Father of Fallen SEAL Condemns President Trump in Political Ad

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Chief Special Warfare Operator William “Ryan” Owens, 36, of Peoria, Illinois (DoD photo)
Chief Special Warfare Operator William “Ryan” Owens, 36, of Peoria, Illinois (DoD photo)

The father of the first service member killed in combat during President Donald Trump's administration denounced him in a political ad that aired ahead of Trump's closing address at the Republican National Convention.

William Owens, father of fallen Senior Chief Petty Officer William "Ryan" Owens, reiterated his belief that Trump is to blame for his son's death.

"Just five days into his presidency, Trump ordered Ryan Owens' SEAL team into Yemen, not in the situation room with all the intelligence assembled, but sitting across a dinner table from Steve Bannon," Owens said in the ad, which is funded by the left-leaning veterans' group VoteVets.

Washington Post was among the outlets first reporting on the ad.

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The U.S. troops authorized personally by President Trump launched wide-ranging airstrikes on the Al Qaida in the Arabian Peninsula (AQAP) terror group in Yakla, Yemen, on March 2, 2017, where the 36-year-old SEAL was killed. The raid resulted in the deaths of at least 14 civilians and at least 16 militants, but Owens was the only American fatality.

"There was no vital interest at play, just Donald Trump playing big man going to war," Owens said.

The White House and Pentagon have called the mission a success despite Owens' death. However, the operation drew scrutiny at that time, including a routine review, a "civilian casualty credibility assessment" and an investigation into the destroyed MV-22 Osprey aircraft. Officials said the U.S. didn't gather significant intelligence on AQAP's activities and planned operations from this raid.

"When you lose a 75-million-dollar airplane and more importantly American life is lost and wounded, I don't believe that you can call it 'a success'," the late Sen. John McCain said at the time, in a quote cited in the ad.

Owens also referred to Trump's 2017 Station of Union address about his son's death, where Trump honored Ryan Owens' widow, Carryn Owens.

"Donald Trump demeaned my son's sacrifice to play to the crowd," he said.

Carryn Owens, widow of Navy SEAL William "Ryan" Owens,
Carryn Owens, widow of Navy SEAL William "Ryan" Owens, is applauded on Capitol Hill, Feb. 28, 2017, as she was acknowledged by President Donald Trump during his address to a joint session of Congress. (AP Photo/Pablo Martinez Monsivais)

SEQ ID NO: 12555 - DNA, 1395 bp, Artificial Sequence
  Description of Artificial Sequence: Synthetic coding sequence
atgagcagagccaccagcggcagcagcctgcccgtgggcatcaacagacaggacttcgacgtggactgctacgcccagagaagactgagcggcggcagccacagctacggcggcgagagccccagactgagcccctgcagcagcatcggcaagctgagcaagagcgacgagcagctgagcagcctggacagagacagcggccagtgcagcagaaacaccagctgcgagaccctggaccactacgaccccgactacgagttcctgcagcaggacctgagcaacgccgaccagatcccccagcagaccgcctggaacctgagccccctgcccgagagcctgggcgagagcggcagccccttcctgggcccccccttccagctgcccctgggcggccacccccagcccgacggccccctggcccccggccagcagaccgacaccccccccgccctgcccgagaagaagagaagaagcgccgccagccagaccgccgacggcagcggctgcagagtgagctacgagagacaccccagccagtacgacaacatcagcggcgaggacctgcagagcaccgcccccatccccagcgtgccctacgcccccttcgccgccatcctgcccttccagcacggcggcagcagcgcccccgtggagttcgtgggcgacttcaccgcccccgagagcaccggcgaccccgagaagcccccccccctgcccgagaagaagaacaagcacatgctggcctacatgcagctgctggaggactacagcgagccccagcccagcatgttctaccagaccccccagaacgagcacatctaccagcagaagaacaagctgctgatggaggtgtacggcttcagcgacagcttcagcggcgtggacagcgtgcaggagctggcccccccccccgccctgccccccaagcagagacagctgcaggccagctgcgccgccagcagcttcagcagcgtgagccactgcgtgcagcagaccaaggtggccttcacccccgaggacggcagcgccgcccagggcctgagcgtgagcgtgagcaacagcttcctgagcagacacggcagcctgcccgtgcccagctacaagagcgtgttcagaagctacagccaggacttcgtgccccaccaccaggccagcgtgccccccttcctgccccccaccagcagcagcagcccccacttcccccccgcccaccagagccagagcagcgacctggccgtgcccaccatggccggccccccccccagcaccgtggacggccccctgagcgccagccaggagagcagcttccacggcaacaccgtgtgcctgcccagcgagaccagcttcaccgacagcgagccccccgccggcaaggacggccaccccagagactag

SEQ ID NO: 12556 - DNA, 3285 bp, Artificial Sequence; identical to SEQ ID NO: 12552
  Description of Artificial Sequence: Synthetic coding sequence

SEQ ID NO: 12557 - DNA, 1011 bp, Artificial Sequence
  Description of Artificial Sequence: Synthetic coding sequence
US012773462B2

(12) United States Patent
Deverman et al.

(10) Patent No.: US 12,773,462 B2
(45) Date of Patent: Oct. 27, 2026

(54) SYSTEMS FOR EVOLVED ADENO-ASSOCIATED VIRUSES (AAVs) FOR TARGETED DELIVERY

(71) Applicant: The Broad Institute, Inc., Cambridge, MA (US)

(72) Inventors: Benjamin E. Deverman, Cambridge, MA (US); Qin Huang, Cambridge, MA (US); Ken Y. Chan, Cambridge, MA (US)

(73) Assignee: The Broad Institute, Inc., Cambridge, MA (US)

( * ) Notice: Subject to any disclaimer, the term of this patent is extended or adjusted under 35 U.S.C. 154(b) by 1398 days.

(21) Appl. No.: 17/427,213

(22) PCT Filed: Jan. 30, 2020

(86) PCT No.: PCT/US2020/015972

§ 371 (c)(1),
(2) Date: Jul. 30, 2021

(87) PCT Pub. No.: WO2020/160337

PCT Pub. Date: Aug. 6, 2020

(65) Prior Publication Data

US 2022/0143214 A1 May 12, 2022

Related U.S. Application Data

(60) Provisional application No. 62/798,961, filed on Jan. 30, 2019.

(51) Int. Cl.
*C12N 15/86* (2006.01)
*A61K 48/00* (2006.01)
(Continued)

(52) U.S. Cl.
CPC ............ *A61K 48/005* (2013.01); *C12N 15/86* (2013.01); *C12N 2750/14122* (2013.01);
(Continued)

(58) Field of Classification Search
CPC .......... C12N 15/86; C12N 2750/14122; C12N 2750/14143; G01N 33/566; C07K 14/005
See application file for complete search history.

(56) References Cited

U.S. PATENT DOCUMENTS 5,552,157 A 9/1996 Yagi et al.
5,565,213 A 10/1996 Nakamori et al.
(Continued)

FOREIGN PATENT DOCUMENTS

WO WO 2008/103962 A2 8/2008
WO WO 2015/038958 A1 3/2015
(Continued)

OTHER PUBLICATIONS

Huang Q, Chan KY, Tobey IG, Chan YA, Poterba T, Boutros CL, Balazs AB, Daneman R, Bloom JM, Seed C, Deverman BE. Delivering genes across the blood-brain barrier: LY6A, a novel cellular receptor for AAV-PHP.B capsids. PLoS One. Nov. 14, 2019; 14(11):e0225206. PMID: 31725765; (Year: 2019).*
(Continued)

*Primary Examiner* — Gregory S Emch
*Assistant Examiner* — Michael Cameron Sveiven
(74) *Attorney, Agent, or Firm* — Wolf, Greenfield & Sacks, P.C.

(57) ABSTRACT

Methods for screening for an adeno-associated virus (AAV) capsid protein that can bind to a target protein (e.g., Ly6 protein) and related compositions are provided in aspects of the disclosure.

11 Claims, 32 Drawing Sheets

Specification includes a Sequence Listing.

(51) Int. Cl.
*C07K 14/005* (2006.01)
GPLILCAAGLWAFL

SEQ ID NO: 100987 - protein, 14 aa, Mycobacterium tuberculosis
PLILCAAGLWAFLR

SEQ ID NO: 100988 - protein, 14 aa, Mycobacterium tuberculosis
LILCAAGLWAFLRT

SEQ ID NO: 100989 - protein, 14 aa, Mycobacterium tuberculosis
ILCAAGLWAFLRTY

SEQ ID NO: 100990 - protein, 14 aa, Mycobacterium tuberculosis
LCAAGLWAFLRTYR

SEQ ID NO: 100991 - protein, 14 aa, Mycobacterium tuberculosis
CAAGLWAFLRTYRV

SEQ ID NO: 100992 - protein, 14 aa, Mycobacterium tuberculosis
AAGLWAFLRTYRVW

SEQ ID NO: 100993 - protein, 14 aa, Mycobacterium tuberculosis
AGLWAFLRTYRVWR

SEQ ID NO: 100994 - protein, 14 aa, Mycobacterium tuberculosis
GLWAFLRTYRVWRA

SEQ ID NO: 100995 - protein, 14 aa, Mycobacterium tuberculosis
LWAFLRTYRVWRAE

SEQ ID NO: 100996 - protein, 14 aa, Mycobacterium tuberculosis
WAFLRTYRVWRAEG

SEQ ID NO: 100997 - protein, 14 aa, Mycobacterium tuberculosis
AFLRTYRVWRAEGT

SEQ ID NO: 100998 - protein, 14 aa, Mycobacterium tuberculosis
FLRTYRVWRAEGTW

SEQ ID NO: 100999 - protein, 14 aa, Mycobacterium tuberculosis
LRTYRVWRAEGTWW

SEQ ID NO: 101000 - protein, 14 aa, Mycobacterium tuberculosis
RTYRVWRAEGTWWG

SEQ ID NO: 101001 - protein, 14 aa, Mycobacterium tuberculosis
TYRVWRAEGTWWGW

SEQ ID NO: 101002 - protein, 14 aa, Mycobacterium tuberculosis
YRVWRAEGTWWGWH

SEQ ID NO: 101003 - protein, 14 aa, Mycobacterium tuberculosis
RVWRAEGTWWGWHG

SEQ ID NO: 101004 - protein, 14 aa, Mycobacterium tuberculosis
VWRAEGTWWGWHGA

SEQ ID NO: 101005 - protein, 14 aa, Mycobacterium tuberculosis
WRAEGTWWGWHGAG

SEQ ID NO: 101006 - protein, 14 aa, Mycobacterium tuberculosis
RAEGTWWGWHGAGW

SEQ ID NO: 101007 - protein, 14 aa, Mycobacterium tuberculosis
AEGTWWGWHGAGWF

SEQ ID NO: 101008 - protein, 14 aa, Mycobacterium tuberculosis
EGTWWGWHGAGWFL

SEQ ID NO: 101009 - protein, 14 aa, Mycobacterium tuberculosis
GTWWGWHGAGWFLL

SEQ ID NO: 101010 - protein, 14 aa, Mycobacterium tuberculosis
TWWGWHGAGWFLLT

The SEAL's father also extended his criticism to more recent actions by the president.

"For nearly four years, Trump has assailed our country's core values," Owens said, referring to law enforcement personnel expelling protesters from Lafayette Square by the White House to make way for a Trump photo-op in May, and the assault of a Navy veteran by federal officers in Portland, Oregon in July.

Owens also criticized Trump's muted response to media reports that Russia placed bounties on U.S. troops in Afghanistan, and his handling of the coronavirus pandemic, which has claimed the lives of more than 181,000 in the U.S.

"Two hundred thousand Americans will have died before we vote," Owens said. "They and Ryan have one thing in common: It didn't have to be but for Donald Trump ... Don't trust Donald Trump with your kid's life, or your own."

While few family members of fallen troops have been as outspoken as Owens, Trump has been publicly criticized by other Gold Star families during his time in office. Myeshia Johnson, the widow of Army Sgt. La David Johnson, killed in Niger with 3 other soldiers in October 2017, publicly expressed anger after receiving a condolence call from Trump in which she said he struggled to remember her husband’s name.

But Joe Kent, a retired Army Special Forces chief warrant officer and the widower of Senior Chief Petty Officer Shannon Kent, who was killed in Syria in 2019, has expressed support for Trump, particularly praising his efforts to pull troops out of that country.

-- Bing Xiao can be reached at bingxiao2020@u.northwestern.edu.

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